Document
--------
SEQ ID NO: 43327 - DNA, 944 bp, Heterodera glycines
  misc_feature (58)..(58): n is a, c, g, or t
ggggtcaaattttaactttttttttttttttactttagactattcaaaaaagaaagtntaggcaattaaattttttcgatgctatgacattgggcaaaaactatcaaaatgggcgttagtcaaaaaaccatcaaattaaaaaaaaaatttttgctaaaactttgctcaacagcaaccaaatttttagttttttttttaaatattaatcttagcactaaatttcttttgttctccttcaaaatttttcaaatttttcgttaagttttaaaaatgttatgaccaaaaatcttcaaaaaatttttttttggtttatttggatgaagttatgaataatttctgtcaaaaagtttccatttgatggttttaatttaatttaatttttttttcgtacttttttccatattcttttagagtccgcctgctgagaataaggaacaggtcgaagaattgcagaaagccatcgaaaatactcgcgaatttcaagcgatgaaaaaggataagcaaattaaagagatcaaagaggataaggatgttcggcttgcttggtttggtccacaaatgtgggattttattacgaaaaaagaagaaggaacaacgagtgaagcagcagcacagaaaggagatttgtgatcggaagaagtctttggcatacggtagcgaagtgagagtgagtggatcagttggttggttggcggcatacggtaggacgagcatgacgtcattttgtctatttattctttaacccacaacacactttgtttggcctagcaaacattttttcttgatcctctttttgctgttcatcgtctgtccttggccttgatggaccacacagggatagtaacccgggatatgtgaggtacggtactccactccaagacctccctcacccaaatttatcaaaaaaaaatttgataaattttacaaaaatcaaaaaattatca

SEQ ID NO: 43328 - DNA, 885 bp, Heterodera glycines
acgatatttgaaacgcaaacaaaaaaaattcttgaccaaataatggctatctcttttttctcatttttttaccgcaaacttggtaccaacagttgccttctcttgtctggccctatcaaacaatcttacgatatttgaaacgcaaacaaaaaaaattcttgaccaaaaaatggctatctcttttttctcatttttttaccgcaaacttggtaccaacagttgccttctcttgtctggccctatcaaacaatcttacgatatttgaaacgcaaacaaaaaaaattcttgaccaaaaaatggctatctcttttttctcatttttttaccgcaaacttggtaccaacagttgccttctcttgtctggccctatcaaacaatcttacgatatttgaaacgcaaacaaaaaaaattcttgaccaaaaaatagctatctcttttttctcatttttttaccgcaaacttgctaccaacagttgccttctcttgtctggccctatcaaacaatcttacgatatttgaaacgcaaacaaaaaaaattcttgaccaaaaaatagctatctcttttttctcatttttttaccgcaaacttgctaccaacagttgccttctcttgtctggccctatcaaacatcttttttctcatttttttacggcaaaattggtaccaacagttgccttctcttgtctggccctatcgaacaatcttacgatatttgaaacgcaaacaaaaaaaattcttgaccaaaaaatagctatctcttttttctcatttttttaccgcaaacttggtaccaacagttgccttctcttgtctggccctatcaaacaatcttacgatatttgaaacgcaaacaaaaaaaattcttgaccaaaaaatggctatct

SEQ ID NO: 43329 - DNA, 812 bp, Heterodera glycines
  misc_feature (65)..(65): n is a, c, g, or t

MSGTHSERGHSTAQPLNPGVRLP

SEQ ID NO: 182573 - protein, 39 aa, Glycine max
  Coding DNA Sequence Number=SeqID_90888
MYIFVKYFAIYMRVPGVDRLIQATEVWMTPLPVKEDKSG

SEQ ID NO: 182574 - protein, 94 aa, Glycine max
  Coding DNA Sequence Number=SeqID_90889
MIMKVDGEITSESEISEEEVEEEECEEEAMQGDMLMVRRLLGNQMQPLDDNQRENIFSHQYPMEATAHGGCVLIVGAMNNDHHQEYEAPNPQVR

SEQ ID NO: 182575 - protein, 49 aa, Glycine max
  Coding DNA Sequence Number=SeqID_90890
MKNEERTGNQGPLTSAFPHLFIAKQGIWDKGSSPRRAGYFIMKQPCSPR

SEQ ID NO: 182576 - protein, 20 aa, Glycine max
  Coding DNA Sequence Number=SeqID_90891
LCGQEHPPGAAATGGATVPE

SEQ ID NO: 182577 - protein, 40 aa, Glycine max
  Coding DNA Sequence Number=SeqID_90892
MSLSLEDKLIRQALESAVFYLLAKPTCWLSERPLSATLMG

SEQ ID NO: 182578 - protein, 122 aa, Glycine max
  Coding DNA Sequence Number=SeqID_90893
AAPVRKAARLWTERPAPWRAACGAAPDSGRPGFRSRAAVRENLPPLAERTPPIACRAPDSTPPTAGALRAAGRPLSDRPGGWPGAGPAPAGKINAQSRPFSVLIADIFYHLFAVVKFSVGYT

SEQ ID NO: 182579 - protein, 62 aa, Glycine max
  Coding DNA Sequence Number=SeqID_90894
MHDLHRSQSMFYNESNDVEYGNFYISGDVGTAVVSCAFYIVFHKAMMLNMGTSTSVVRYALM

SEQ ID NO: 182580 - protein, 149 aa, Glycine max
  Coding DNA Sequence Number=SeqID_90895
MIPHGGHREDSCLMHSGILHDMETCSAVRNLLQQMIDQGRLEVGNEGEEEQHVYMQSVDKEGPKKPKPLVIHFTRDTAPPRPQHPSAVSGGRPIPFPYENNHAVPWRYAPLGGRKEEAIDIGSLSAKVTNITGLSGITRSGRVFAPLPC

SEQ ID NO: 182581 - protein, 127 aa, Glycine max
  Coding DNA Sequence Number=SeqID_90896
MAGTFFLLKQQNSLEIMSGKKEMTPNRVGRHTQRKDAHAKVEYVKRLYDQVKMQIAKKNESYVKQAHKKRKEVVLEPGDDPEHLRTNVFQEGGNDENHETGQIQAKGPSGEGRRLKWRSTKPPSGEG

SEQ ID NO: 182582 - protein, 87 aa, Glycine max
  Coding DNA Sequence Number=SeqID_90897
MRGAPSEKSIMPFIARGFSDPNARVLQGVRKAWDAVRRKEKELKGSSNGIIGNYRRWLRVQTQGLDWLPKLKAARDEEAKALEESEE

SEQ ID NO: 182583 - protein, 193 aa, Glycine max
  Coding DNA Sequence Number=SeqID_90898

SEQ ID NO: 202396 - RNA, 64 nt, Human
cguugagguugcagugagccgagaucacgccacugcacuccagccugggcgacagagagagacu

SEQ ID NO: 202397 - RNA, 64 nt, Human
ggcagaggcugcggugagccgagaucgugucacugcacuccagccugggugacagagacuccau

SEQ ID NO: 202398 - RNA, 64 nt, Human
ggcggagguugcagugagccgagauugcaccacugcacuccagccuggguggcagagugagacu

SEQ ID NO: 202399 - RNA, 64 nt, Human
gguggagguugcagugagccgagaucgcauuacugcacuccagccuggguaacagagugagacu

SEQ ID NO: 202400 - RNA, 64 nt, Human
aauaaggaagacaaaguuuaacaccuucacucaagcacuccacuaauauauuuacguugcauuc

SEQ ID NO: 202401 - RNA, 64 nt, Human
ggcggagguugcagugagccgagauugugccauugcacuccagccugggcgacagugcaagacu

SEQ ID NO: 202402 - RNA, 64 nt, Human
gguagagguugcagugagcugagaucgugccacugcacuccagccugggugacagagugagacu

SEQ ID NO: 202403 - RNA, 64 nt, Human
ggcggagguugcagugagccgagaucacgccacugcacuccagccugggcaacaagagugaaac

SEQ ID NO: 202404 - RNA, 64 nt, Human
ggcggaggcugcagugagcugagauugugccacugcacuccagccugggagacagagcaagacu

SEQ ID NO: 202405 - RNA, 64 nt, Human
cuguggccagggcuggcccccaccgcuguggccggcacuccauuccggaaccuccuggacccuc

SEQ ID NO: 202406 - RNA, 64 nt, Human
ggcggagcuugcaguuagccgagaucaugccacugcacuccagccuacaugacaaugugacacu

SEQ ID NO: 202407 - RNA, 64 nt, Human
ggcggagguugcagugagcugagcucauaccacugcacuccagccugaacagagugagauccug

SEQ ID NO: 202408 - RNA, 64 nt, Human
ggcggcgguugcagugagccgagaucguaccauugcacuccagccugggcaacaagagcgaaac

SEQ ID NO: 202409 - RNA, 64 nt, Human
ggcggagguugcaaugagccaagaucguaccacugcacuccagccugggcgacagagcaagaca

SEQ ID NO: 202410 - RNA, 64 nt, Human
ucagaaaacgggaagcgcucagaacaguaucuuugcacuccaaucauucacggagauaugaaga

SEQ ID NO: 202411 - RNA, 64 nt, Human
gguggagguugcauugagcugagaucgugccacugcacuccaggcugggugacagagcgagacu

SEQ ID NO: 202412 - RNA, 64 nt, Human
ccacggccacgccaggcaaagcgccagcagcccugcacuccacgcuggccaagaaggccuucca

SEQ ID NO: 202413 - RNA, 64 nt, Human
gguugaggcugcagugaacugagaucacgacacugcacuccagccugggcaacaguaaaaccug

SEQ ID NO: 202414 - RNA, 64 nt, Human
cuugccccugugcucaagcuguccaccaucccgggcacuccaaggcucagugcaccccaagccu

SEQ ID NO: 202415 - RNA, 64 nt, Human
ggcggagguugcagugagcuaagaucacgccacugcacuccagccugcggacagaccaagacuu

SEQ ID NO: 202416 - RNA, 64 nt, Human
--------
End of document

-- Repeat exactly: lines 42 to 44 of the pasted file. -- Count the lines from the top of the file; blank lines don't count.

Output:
cguugagguugcagugagccgagaucacgccacugcacuccagccugggcgacagagagagacu

SEQ ID NO: 202397 - RNA, 64 nt, Human
ggcagaggcugcggugagccgagaucgugucacugcacuccagccugggugacagagacuccau